East Africa & Albino Magic Murders

From the wonderful continent of Africa:

The East African country of Tanzania has reportedly banned witch doctors in an effort to prevent further witchcraft-related murders of albinos.

According to a story reported by Agence France-Presse, “The ban follows the kidnapping last month of a four-year-old girl by men armed with machetes, who took her from her home in the northern Mwanza region. Police have since arrested 15 people, including the girl’s father and two uncles, but she remains missing. ‘These so-called witches bear responsibility for the attacks against albinos,’ interior ministry spokesman Isaac Nantanga told AFP Wednesday.”

In Tanzania and Burundi at least 50 albinos have been murdered for their body parts in recent years according to a 2010 Red Cross report. In November 2009, four people were arrested and sentenced to death in northern Tanzania for killing an albino man to harvest his body parts.

A month earlier, albino hunters beheaded a 10-year-old boy and hacked off his leg. In May of last year two witch doctors were arrested in connection with the death of an albino woman who was murdered for her body parts.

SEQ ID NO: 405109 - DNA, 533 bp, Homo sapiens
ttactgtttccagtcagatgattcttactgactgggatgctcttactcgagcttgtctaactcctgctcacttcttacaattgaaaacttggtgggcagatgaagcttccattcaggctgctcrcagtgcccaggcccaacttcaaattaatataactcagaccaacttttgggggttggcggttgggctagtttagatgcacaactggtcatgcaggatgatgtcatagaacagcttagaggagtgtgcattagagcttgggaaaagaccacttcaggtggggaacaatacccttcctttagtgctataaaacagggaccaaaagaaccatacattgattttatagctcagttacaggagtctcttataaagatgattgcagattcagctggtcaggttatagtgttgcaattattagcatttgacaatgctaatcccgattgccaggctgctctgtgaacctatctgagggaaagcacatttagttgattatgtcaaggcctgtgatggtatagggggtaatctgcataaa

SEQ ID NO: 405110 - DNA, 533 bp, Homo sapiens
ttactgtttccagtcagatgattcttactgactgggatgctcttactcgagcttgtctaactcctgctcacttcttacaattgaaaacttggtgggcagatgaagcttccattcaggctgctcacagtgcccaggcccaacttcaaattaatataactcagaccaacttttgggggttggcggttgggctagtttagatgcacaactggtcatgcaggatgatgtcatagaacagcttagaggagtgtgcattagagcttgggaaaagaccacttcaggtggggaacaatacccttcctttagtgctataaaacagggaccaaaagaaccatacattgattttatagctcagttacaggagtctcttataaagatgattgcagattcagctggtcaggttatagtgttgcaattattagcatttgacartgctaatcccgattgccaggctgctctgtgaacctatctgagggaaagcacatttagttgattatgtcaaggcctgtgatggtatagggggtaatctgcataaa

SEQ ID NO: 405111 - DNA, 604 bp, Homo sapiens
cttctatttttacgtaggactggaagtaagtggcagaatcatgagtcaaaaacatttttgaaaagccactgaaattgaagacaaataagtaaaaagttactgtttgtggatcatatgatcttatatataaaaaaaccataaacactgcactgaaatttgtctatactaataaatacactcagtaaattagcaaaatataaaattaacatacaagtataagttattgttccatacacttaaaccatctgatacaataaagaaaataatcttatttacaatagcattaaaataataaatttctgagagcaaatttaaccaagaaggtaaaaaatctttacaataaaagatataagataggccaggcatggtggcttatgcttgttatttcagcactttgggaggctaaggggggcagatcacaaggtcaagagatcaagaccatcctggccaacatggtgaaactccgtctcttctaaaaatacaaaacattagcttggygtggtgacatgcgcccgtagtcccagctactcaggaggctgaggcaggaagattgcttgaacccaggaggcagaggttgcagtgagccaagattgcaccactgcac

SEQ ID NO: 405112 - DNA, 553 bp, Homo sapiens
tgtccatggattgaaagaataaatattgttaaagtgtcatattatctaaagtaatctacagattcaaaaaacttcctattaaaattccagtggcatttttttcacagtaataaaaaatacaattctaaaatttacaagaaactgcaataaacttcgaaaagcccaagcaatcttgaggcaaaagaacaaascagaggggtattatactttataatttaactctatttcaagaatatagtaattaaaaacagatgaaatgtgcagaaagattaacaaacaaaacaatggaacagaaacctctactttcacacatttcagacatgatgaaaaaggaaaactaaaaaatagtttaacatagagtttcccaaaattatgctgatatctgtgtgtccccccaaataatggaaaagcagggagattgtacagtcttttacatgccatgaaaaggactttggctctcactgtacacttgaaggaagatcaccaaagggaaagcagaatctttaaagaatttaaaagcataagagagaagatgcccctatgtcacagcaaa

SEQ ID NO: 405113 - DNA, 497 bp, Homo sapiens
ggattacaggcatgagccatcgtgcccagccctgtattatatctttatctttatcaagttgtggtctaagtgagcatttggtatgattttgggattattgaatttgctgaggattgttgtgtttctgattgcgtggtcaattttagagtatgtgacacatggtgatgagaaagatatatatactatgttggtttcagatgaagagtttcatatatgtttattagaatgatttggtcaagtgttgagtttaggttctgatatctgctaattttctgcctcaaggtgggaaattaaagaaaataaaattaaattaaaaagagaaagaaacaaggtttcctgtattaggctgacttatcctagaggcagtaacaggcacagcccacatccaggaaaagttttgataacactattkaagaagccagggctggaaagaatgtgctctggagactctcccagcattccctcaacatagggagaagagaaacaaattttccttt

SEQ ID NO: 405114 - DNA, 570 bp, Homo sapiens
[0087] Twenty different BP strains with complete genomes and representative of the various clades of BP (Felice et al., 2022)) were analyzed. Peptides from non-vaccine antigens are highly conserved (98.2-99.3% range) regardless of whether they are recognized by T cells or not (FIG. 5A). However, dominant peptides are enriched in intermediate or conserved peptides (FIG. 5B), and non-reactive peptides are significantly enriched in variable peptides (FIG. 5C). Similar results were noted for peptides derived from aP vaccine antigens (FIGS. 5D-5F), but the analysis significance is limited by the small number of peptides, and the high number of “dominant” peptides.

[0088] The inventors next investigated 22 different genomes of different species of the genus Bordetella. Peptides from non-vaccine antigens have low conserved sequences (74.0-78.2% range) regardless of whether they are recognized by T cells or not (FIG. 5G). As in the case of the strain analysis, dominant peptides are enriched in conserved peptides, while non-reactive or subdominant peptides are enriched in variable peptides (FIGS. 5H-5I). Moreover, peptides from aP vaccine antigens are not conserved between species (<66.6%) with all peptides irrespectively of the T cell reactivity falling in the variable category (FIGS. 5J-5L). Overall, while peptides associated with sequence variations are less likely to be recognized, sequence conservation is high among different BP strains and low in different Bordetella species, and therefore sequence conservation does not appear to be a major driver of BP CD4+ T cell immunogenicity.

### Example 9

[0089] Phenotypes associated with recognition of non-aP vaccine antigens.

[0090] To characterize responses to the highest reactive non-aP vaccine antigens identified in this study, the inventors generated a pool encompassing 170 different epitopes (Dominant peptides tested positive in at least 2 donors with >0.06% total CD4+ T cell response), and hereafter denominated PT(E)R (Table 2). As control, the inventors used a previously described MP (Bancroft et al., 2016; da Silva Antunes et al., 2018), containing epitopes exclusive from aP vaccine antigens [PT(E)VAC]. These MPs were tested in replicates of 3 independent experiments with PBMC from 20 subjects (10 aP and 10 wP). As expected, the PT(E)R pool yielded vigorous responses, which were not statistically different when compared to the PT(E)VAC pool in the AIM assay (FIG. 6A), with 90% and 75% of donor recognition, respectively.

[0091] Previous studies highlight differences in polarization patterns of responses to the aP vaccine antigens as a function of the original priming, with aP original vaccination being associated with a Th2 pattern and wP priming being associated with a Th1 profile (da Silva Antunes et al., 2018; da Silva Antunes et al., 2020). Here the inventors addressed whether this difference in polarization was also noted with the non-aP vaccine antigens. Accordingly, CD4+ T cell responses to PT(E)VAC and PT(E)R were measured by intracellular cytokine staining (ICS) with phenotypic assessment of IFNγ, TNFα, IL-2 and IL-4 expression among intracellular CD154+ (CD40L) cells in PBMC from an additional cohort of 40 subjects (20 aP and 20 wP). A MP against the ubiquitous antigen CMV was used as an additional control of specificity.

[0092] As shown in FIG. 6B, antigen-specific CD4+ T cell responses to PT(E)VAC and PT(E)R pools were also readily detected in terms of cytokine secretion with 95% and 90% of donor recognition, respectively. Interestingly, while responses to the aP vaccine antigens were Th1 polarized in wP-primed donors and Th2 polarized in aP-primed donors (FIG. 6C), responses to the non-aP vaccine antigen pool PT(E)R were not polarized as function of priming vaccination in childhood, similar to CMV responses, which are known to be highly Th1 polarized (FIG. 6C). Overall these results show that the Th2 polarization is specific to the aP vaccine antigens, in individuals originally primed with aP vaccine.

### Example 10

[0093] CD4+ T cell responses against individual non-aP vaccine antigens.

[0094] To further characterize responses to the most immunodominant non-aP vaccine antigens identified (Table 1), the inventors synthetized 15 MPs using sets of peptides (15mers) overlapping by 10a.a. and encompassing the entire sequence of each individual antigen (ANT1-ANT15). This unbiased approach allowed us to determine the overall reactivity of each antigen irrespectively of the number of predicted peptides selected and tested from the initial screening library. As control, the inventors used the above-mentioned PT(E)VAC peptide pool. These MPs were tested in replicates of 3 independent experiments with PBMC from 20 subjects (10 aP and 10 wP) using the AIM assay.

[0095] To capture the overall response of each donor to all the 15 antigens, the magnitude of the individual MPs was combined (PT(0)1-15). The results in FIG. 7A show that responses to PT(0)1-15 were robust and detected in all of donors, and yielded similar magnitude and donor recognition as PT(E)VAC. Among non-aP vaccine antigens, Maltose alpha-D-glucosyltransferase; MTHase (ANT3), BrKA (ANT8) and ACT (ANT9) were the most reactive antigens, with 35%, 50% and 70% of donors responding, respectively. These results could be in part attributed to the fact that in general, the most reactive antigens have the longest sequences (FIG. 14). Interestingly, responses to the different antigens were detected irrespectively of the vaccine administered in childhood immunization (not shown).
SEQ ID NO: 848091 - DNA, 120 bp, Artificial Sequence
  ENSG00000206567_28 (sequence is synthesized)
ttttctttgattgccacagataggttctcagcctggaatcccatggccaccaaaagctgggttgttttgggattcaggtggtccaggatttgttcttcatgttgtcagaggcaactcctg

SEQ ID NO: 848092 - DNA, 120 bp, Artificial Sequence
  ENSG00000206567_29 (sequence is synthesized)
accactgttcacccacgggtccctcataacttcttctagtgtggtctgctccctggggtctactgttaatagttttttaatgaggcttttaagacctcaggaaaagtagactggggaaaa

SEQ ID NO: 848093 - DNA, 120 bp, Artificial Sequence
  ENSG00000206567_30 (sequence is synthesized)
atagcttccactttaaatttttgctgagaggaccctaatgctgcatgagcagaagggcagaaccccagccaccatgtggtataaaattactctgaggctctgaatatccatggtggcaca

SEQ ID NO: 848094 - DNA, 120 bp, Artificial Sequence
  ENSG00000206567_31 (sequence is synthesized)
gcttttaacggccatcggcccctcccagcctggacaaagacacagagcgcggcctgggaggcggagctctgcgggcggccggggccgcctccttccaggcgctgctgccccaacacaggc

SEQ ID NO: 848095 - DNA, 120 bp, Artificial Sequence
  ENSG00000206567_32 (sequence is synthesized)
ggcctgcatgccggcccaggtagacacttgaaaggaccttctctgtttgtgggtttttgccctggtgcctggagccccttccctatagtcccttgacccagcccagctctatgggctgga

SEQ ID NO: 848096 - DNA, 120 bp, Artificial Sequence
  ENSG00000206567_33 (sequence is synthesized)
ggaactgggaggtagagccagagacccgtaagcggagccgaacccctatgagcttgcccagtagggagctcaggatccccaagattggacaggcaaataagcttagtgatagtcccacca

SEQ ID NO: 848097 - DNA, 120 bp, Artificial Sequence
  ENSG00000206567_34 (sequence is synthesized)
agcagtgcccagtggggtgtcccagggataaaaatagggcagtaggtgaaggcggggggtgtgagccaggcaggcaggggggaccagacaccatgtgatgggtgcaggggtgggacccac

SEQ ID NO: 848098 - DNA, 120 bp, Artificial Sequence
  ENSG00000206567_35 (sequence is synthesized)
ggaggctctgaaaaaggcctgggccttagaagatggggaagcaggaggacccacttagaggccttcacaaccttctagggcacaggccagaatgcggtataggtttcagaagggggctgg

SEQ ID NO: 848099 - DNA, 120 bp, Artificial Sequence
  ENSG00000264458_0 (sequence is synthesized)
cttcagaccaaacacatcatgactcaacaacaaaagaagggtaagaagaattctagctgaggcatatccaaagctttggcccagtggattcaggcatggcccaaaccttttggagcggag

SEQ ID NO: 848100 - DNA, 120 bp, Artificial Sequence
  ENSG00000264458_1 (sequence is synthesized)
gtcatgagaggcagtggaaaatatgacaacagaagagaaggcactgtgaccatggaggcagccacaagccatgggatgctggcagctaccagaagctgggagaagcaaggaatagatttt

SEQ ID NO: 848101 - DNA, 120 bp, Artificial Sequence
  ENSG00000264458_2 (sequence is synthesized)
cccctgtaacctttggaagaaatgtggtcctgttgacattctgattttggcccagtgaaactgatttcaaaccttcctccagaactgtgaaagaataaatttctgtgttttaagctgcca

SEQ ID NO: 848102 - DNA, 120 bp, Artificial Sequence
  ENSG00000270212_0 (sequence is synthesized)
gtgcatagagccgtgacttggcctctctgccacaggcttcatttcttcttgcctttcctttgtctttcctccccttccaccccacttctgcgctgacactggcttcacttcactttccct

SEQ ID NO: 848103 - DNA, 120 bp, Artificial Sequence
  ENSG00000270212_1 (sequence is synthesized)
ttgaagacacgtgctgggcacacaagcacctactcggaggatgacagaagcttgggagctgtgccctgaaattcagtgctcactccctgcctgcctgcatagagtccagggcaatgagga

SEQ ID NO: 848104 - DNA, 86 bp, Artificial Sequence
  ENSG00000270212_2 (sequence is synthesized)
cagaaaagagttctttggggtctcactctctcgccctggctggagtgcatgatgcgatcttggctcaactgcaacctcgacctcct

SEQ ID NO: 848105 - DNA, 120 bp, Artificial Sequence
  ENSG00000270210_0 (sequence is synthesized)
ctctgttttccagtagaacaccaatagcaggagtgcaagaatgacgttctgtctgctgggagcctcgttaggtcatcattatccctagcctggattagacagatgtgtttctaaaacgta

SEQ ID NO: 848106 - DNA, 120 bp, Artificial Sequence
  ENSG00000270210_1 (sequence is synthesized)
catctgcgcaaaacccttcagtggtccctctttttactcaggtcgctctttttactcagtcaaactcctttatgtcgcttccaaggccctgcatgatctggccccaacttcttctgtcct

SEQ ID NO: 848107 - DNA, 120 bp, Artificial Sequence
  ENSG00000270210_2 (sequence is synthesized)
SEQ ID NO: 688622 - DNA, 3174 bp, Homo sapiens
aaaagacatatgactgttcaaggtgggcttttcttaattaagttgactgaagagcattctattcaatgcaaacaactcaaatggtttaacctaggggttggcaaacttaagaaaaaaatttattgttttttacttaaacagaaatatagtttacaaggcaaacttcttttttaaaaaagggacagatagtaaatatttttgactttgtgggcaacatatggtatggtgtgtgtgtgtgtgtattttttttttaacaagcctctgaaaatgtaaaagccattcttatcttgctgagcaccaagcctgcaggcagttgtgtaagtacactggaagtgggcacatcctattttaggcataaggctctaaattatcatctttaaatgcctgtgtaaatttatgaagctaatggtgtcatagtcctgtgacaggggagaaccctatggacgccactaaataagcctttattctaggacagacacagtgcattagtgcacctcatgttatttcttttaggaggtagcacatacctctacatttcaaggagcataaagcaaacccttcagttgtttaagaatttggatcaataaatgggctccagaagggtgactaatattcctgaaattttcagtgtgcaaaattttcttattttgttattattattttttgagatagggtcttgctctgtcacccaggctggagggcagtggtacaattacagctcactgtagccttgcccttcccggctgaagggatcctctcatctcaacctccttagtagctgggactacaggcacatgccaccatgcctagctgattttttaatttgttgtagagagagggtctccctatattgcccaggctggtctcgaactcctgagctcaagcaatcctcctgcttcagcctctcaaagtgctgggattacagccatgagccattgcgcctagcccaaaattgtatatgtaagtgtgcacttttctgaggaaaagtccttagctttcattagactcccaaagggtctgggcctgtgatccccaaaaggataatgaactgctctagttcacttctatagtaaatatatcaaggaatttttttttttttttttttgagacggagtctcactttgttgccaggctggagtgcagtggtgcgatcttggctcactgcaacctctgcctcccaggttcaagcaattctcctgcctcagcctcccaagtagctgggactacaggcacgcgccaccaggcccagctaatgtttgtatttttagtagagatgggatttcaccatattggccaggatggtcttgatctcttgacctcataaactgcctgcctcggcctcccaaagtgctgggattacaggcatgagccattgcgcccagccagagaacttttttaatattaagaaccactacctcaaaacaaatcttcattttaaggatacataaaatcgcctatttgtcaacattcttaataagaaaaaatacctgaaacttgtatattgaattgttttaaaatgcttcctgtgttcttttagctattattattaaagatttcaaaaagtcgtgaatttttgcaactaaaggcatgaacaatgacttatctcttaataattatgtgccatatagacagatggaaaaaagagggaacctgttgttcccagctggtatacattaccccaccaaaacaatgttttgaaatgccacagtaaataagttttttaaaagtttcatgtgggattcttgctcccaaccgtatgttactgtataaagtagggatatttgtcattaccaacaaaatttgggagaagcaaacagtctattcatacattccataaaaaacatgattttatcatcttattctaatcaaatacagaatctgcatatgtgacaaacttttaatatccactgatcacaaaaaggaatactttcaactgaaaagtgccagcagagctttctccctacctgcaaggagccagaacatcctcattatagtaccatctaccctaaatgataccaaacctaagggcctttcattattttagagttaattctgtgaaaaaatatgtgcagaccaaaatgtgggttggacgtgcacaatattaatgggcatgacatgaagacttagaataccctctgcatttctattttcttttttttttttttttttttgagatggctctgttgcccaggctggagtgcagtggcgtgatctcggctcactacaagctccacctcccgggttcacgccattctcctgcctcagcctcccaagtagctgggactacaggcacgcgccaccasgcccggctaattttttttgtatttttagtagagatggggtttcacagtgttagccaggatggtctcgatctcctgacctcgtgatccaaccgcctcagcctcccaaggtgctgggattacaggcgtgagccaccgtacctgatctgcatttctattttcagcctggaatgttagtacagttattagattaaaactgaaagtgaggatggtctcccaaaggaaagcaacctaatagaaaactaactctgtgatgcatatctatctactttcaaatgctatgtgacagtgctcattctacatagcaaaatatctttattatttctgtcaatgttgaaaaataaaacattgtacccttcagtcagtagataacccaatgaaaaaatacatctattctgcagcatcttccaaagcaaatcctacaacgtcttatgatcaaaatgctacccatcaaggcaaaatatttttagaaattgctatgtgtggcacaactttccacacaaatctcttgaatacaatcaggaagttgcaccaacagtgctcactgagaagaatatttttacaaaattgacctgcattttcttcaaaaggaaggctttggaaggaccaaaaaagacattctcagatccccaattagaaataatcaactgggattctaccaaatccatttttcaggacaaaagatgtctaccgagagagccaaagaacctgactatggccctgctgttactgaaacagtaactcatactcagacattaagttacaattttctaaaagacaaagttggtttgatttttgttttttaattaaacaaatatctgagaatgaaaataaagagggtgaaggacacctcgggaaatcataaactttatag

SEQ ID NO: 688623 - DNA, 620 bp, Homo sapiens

Throughout Africa witch doctors are consulted not only for healing diseases, but also for placing (or removing) magic curses or bringing luck in love or business. The belief and practice of using body parts for magical ritual or benefit is called muti. Muti murders are particularly brutal, with knives and machetes used to cut and hack off limbs, breasts, and other body parts from their living victims…

Ah, but what of this bit of white, colonialist propaganda?

It’s been tried before: Colonial governments, and the British Empire in particular, instituted various anti-witchcraft laws in the 19th and 20th centuries. By passing those laws the governments did not officially endorse the reality of magic or witchcraft but instead implemented them to curb accusations of witchcraft.

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